Code Section 7701(a)(30)(E) provides that the term “United States person” means any trust if (a) a court within the U.S. is able to exercise primary supervision of the administration of the trust (the “Court Test”), and (b) one or more U.S. persons have the authority to control all substantial decisions of the trust (the “Control Test”). A trust will be treated as a U.S. person on any day that the trust meets both the Court Test and the Control Test. A foreign trust is any trust other than one described in Code Section 7701(a)(30)(E).
If a trust is deemed to be a foreign trust for U.S. tax purposes, any transfer of appreciated property to the trust will be treated as a sale to the trust, and the trust will be subject to substantial reporting requirements.If a foreign trust is classified as a grantor trust, then there is no tax on the transfer because the grantor is deemed to sell assets to herself; but the reporting requirements still apply.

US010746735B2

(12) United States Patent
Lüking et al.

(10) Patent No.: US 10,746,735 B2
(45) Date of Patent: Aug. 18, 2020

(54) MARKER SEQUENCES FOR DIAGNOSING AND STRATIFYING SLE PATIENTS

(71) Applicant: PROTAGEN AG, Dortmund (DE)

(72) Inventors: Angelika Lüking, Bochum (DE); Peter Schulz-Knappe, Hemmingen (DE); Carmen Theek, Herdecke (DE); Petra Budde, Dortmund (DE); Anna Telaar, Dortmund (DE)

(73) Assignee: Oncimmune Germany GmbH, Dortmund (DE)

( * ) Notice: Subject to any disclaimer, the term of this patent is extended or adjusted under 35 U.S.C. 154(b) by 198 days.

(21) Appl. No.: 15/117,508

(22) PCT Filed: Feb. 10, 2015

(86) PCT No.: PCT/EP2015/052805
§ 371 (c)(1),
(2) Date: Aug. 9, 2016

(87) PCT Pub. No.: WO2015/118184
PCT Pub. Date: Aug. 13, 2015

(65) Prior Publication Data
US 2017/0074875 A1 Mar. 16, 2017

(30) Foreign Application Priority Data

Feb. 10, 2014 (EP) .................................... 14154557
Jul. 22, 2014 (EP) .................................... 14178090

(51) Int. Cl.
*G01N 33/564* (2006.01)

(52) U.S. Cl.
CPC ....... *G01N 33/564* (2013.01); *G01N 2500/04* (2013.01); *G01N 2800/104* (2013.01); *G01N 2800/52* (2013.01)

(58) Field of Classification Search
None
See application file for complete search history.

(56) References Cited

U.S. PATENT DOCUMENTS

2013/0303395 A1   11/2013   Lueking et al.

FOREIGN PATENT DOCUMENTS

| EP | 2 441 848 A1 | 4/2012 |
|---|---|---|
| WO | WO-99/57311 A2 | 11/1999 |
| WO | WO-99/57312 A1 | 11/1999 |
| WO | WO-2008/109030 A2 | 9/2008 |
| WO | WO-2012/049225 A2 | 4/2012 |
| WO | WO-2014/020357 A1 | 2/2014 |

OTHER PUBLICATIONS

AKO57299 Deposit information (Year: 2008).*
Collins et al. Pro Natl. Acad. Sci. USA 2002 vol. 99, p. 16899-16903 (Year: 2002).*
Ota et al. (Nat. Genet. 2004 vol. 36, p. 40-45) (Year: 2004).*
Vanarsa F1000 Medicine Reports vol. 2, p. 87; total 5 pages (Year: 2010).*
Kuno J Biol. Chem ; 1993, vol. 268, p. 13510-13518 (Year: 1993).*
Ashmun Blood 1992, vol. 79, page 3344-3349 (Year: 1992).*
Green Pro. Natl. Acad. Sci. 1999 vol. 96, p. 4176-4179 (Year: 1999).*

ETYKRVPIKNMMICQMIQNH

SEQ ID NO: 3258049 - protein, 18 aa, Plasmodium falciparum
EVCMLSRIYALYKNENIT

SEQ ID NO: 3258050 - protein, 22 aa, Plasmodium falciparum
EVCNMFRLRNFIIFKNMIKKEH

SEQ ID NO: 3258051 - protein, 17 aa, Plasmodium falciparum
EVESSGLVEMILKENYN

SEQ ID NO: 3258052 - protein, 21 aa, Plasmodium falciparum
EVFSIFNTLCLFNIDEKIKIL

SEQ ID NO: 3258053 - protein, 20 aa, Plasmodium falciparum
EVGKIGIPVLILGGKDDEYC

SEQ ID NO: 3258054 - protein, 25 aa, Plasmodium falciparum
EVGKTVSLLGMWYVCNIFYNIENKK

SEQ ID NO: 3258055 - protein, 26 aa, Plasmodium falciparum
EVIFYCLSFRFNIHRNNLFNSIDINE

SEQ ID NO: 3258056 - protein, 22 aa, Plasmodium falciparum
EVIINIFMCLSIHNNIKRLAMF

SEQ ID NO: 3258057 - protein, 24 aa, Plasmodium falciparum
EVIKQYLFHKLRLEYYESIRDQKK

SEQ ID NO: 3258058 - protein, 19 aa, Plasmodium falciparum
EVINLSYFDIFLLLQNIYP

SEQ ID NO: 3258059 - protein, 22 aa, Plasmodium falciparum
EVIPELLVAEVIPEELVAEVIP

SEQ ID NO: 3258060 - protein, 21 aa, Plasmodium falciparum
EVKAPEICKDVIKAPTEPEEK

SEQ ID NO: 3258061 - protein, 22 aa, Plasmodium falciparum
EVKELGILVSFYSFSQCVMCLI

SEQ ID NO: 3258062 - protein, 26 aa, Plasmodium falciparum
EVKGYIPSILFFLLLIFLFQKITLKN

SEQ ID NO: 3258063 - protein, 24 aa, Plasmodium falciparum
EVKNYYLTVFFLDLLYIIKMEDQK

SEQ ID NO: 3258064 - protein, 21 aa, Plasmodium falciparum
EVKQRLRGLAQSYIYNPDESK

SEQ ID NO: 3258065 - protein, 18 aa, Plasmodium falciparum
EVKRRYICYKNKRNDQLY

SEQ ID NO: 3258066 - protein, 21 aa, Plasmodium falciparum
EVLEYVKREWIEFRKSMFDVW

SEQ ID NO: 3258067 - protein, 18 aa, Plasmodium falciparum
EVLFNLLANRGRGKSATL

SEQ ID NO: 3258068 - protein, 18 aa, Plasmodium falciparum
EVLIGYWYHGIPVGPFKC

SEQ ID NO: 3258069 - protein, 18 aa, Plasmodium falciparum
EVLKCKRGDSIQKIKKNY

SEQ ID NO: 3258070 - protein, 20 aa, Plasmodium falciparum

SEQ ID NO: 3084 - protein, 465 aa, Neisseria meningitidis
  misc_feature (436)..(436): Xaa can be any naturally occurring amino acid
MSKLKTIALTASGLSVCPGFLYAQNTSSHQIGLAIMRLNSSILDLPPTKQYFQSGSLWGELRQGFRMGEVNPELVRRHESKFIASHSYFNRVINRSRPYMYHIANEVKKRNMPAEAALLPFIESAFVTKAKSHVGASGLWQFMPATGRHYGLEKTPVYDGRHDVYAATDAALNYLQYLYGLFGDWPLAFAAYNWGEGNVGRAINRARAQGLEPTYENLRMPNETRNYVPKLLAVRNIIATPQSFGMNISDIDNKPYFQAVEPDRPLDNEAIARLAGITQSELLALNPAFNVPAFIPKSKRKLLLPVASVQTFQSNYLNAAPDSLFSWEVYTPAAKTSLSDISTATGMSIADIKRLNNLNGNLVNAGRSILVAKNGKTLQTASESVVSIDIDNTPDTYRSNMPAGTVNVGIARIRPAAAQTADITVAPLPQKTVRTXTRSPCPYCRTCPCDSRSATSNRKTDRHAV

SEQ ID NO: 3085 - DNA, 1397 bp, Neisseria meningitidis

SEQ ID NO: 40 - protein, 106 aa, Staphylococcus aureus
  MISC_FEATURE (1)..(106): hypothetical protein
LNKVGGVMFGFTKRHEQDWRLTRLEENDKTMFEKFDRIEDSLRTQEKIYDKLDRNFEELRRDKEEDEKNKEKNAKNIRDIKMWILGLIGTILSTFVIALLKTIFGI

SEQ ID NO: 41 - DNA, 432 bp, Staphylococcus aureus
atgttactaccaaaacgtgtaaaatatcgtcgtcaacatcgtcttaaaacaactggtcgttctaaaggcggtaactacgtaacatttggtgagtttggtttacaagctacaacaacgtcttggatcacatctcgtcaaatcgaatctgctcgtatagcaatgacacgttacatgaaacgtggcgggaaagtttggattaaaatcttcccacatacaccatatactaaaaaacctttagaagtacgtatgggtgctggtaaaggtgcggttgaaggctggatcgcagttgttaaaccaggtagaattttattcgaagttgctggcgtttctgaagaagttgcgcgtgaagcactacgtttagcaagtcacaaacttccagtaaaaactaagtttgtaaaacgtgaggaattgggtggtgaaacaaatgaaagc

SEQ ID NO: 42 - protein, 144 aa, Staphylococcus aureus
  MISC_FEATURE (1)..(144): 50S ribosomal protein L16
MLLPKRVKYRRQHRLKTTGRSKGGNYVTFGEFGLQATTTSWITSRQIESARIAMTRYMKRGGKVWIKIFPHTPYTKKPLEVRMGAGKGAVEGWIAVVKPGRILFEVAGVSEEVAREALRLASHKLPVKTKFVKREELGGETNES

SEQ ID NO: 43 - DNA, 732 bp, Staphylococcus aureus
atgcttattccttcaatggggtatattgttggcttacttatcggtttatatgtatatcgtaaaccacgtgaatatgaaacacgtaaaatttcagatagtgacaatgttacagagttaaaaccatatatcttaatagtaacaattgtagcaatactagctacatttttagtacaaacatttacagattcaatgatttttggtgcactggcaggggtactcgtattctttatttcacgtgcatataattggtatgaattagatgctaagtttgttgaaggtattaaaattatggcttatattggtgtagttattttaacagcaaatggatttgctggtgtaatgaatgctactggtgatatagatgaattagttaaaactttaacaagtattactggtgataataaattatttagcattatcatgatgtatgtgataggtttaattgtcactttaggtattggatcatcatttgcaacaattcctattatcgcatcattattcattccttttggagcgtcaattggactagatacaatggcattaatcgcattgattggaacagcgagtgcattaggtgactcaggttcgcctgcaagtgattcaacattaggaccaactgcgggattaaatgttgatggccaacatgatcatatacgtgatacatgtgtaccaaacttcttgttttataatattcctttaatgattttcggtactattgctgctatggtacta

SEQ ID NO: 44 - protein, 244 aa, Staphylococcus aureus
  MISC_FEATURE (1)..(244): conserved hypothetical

Under Internal Revenue Service Notice 97-34, a transfer of assets to a foreign trust must be reported on Form 3520, and the trust must annually file Form 3520-A. A beneficiary who receives a distribution from a foreign trust must likewise report the distribution on Form 3520.